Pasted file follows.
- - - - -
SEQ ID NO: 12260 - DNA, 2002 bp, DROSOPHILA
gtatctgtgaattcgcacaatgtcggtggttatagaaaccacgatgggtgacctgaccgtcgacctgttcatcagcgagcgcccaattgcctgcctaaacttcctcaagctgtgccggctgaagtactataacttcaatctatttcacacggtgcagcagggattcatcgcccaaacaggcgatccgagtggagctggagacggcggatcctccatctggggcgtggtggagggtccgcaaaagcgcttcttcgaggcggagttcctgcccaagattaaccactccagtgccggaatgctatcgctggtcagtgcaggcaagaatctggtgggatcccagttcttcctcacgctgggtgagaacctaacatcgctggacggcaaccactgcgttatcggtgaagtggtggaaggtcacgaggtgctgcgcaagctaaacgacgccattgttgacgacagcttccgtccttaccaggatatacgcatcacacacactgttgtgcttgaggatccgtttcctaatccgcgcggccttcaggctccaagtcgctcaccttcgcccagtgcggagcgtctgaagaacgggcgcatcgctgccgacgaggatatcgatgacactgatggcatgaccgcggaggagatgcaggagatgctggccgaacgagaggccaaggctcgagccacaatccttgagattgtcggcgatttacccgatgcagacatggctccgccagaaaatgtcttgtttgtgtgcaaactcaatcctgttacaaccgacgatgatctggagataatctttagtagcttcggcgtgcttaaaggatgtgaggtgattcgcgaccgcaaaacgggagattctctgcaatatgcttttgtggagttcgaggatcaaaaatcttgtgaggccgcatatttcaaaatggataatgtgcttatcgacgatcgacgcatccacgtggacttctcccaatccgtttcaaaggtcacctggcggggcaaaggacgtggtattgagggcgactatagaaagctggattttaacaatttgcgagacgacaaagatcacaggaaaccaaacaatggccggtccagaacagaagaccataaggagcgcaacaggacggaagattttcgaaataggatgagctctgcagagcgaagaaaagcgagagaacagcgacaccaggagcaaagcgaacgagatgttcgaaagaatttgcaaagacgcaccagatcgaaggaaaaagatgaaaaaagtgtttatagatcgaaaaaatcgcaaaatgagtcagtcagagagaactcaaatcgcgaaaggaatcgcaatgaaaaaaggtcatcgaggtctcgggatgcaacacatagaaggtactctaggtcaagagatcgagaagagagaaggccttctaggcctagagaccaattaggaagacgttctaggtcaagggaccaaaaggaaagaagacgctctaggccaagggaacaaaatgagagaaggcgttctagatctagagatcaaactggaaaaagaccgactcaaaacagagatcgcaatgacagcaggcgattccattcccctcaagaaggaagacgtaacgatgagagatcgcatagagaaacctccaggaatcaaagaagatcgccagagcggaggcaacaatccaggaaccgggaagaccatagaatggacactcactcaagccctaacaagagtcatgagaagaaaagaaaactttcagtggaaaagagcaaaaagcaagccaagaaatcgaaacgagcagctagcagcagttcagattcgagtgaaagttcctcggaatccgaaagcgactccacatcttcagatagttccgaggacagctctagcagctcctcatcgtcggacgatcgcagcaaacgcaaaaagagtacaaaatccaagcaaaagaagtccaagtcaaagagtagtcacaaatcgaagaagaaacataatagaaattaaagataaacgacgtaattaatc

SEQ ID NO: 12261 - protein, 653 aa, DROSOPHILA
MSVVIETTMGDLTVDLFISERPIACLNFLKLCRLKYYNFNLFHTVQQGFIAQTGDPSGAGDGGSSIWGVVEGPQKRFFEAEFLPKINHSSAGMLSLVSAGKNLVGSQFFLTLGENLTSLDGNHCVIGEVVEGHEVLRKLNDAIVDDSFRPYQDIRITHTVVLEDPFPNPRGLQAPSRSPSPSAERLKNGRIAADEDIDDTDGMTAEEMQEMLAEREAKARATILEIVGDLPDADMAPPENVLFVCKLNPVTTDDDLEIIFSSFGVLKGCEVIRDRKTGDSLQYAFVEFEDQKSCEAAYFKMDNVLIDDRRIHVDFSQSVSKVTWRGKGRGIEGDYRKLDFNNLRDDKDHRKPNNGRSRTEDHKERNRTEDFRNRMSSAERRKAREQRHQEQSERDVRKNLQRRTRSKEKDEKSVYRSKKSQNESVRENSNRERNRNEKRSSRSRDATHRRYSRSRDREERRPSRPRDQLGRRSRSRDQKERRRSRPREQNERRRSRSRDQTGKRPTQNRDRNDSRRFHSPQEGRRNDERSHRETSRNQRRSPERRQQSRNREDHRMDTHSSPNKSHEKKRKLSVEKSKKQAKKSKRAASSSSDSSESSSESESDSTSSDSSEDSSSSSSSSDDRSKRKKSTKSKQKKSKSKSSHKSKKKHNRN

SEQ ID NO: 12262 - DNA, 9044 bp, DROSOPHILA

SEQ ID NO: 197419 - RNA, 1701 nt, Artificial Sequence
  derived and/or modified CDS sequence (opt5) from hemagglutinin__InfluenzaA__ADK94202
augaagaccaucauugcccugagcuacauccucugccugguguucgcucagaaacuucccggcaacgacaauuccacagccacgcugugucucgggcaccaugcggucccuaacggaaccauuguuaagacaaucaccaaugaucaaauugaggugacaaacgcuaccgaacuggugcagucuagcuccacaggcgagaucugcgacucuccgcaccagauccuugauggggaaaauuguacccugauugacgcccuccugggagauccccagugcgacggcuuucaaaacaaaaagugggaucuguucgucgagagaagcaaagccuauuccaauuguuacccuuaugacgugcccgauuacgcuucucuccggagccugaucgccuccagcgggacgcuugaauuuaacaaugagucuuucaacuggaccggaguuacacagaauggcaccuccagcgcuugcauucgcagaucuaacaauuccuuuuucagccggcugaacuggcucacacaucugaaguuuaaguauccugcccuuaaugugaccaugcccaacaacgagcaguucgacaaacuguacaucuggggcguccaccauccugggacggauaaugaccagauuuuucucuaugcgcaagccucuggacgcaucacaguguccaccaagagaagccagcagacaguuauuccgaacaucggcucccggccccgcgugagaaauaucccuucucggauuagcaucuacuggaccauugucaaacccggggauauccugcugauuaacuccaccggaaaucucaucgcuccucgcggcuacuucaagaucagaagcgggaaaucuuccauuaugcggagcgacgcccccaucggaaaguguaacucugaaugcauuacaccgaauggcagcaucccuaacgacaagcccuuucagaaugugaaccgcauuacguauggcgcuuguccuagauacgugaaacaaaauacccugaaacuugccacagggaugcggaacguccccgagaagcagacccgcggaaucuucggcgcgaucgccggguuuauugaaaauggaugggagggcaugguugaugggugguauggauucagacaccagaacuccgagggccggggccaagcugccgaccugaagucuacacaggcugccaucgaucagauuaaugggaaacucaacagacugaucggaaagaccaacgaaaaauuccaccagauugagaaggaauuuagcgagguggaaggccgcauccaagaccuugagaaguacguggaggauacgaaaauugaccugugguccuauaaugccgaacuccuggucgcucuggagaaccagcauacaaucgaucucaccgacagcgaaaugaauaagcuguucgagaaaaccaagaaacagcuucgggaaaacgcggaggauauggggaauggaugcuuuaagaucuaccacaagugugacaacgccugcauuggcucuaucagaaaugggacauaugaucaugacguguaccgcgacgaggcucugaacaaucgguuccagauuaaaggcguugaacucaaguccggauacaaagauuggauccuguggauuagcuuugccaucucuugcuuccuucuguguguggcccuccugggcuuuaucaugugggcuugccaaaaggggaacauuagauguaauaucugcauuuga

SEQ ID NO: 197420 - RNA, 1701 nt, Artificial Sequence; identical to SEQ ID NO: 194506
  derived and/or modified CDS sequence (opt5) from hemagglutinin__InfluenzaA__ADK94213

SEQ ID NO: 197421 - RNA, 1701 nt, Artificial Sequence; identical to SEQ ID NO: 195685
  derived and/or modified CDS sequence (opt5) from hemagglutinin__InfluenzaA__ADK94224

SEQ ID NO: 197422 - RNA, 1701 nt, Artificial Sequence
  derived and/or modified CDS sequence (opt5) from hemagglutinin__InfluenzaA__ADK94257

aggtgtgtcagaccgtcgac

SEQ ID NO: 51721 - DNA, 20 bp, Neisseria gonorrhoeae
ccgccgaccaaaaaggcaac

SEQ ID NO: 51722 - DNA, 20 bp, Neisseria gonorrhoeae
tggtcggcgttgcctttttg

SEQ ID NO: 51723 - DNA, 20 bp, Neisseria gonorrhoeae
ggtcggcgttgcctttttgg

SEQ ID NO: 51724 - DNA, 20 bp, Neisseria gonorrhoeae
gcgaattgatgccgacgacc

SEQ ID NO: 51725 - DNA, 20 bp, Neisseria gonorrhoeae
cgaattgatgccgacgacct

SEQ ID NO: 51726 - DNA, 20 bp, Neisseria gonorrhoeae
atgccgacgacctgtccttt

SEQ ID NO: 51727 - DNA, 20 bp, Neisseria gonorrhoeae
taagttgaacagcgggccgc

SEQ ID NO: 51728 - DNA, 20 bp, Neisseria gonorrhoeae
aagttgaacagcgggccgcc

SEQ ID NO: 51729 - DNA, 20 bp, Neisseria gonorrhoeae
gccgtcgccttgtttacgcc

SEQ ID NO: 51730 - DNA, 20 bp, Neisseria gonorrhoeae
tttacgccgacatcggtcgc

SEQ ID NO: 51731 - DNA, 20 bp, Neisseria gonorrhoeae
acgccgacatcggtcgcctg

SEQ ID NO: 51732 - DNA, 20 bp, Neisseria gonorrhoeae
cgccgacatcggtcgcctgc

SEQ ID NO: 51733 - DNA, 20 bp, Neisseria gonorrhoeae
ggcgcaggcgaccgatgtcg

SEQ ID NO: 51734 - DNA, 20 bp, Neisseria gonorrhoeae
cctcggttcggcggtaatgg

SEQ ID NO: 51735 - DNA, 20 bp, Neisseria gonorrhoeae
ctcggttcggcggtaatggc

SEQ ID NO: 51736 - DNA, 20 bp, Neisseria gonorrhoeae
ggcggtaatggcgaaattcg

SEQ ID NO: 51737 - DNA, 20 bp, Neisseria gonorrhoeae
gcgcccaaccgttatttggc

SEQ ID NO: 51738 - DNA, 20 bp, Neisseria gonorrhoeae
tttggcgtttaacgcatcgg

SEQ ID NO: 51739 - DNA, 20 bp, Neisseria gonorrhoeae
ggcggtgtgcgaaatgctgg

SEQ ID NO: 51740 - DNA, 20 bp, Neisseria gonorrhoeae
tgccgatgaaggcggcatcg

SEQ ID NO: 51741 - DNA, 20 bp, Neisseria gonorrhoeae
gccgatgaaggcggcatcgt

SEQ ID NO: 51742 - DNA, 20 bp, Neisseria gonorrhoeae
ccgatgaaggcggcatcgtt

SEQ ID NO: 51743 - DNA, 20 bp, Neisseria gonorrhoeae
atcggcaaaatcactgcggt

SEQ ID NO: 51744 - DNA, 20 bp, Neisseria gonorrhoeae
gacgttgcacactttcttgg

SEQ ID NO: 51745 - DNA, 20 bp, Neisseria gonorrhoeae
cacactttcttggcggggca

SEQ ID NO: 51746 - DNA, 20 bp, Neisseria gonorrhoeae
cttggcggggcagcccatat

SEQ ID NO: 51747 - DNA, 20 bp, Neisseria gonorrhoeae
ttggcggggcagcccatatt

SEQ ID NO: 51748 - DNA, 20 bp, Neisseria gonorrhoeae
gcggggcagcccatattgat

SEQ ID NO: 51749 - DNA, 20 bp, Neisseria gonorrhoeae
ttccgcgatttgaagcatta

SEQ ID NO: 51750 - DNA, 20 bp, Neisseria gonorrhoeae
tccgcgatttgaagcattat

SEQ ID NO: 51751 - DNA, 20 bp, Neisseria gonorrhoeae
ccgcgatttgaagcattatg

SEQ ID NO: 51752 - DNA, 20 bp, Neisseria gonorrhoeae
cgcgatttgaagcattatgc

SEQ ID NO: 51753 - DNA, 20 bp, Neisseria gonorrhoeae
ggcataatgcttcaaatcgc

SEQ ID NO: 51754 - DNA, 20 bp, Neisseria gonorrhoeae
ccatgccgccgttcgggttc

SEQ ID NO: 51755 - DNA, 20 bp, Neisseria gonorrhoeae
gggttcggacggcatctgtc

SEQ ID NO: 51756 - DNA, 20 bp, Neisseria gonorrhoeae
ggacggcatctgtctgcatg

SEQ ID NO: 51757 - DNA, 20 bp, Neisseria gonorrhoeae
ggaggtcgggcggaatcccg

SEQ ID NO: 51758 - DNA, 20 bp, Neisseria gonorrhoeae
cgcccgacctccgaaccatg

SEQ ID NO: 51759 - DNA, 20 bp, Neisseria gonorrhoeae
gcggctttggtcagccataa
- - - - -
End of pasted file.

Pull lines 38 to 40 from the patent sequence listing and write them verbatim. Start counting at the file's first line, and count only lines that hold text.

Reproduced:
SEQ ID NO: 51732 - DNA, 20 bp, Neisseria gonorrhoeae
cgccgacatcggtcgcctgc

SEQ ID NO: 51733 - DNA, 20 bp, Neisseria gonorrhoeae